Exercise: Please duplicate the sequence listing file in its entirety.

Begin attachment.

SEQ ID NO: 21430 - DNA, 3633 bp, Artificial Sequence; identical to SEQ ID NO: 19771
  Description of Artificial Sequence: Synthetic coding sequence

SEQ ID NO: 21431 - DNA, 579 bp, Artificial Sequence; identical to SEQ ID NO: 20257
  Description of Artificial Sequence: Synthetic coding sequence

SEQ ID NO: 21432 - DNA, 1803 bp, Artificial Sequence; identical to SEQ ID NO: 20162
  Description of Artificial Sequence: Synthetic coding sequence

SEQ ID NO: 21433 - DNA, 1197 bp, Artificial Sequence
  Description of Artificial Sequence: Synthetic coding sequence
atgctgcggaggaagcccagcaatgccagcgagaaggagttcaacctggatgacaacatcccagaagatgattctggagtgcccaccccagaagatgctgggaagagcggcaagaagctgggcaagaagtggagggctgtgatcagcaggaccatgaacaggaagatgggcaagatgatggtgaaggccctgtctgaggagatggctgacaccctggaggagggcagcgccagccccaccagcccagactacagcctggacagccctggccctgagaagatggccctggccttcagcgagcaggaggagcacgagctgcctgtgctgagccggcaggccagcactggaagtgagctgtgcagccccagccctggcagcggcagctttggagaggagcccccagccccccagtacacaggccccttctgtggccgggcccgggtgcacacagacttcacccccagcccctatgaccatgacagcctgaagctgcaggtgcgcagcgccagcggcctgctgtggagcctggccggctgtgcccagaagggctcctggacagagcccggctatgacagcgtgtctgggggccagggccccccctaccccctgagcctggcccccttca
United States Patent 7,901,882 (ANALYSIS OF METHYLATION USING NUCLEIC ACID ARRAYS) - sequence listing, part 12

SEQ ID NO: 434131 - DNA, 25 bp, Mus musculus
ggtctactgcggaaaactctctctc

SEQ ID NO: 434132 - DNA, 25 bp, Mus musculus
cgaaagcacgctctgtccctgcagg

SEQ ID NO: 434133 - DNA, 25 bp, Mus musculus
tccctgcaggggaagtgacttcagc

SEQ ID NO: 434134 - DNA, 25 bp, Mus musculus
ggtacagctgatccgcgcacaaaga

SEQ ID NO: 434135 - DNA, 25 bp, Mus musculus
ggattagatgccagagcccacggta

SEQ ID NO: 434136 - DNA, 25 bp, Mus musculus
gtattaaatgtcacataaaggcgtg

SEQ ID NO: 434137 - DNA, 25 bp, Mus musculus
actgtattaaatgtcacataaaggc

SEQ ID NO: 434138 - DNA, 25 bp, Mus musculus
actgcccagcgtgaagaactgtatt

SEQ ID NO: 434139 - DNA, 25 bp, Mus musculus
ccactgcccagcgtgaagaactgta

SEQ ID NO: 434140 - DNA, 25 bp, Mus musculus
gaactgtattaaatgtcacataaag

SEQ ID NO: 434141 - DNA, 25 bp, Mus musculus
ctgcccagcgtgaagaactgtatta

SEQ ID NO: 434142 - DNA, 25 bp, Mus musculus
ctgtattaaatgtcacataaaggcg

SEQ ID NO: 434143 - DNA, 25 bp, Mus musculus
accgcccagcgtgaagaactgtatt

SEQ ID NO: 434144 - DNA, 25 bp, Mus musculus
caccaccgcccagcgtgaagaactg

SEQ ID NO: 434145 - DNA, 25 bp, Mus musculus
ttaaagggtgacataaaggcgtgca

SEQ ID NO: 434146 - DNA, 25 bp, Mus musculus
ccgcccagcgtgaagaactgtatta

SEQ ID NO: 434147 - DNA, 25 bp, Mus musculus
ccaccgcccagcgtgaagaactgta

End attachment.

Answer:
SEQ ID NO: 21430 - DNA, 3633 bp, Artificial Sequence; identical to SEQ ID NO: 19771
  Description of Artificial Sequence: Synthetic coding sequence

SEQ ID NO: 21431 - DNA, 579 bp, Artificial Sequence; identical to SEQ ID NO: 20257
  Description of Artificial Sequence: Synthetic coding sequence

SEQ ID NO: 21432 - DNA, 1803 bp, Artificial Sequence; identical to SEQ ID NO: 20162
  Description of Artificial Sequence: Synthetic coding sequence

SEQ ID NO: 21433 - DNA, 1197 bp, Artificial Sequence
  Description of Artificial Sequence: Synthetic coding sequence
atgctgcggaggaagcccagcaatgccagcgagaaggagttcaacctggatgacaacatcccagaagatgattctggagtgcccaccccagaagatgctgggaagagcggcaagaagctgggcaagaagtggagggctgtgatcagcaggaccatgaacaggaagatgggcaagatgatggtgaaggccctgtctgaggagatggctgacaccctggaggagggcagcgccagccccaccagcccagactacagcctggacagccctggccctgagaagatggccctggccttcagcgagcaggaggagcacgagctgcctgtgctgagccggcaggccagcactggaagtgagctgtgcagccccagccctggcagcggcagctttggagaggagcccccagccccccagtacacaggccccttctgtggccgggcccgggtgcacacagacttcacccccagcccctatgaccatgacagcctgaagctgcaggtgcgcagcgccagcggcctgctgtggagcctggccggctgtgcccagaagggctcctggacagagcccggctatgacagcgtgtctgggggccagggccccccctaccccctgagcctggcccccttca
United States Patent 7,901,882 (ANALYSIS OF METHYLATION USING NUCLEIC ACID ARRAYS) - sequence listing, part 12

SEQ ID NO: 434131 - DNA, 25 bp, Mus musculus
ggtctactgcggaaaactctctctc

SEQ ID NO: 434132 - DNA, 25 bp, Mus musculus
cgaaagcacgctctgtccctgcagg

SEQ ID NO: 434133 - DNA, 25 bp, Mus musculus
tccctgcaggggaagtgacttcagc

SEQ ID NO: 434134 - DNA, 25 bp, Mus musculus
ggtacagctgatccgcgcacaaaga

SEQ ID NO: 434135 - DNA, 25 bp, Mus musculus
ggattagatgccagagcccacggta

SEQ ID NO: 434136 - DNA, 25 bp, Mus musculus
gtattaaatgtcacataaaggcgtg

SEQ ID NO: 434137 - DNA, 25 bp, Mus musculus
actgtattaaatgtcacataaaggc

SEQ ID NO: 434138 - DNA, 25 bp, Mus musculus
actgcccagcgtgaagaactgtatt

SEQ ID NO: 434139 - DNA, 25 bp, Mus musculus
ccactgcccagcgtgaagaactgta

SEQ ID NO: 434140 - DNA, 25 bp, Mus musculus
gaactgtattaaatgtcacataaag

SEQ ID NO: 434141 - DNA, 25 bp, Mus musculus
ctgcccagcgtgaagaactgtatta

SEQ ID NO: 434142 - DNA, 25 bp, Mus musculus
ctgtattaaatgtcacataaaggcg

SEQ ID NO: 434143 - DNA, 25 bp, Mus musculus
accgcccagcgtgaagaactgtatt

SEQ ID NO: 434144 - DNA, 25 bp, Mus musculus
caccaccgcccagcgtgaagaactg

SEQ ID NO: 434145 - DNA, 25 bp, Mus musculus
ttaaagggtgacataaaggcgtgca

SEQ ID NO: 434146 - DNA, 25 bp, Mus musculus
ccgcccagcgtgaagaactgtatta

SEQ ID NO: 434147 - DNA, 25 bp, Mus musculus
ccaccgcccagcgtgaagaactgta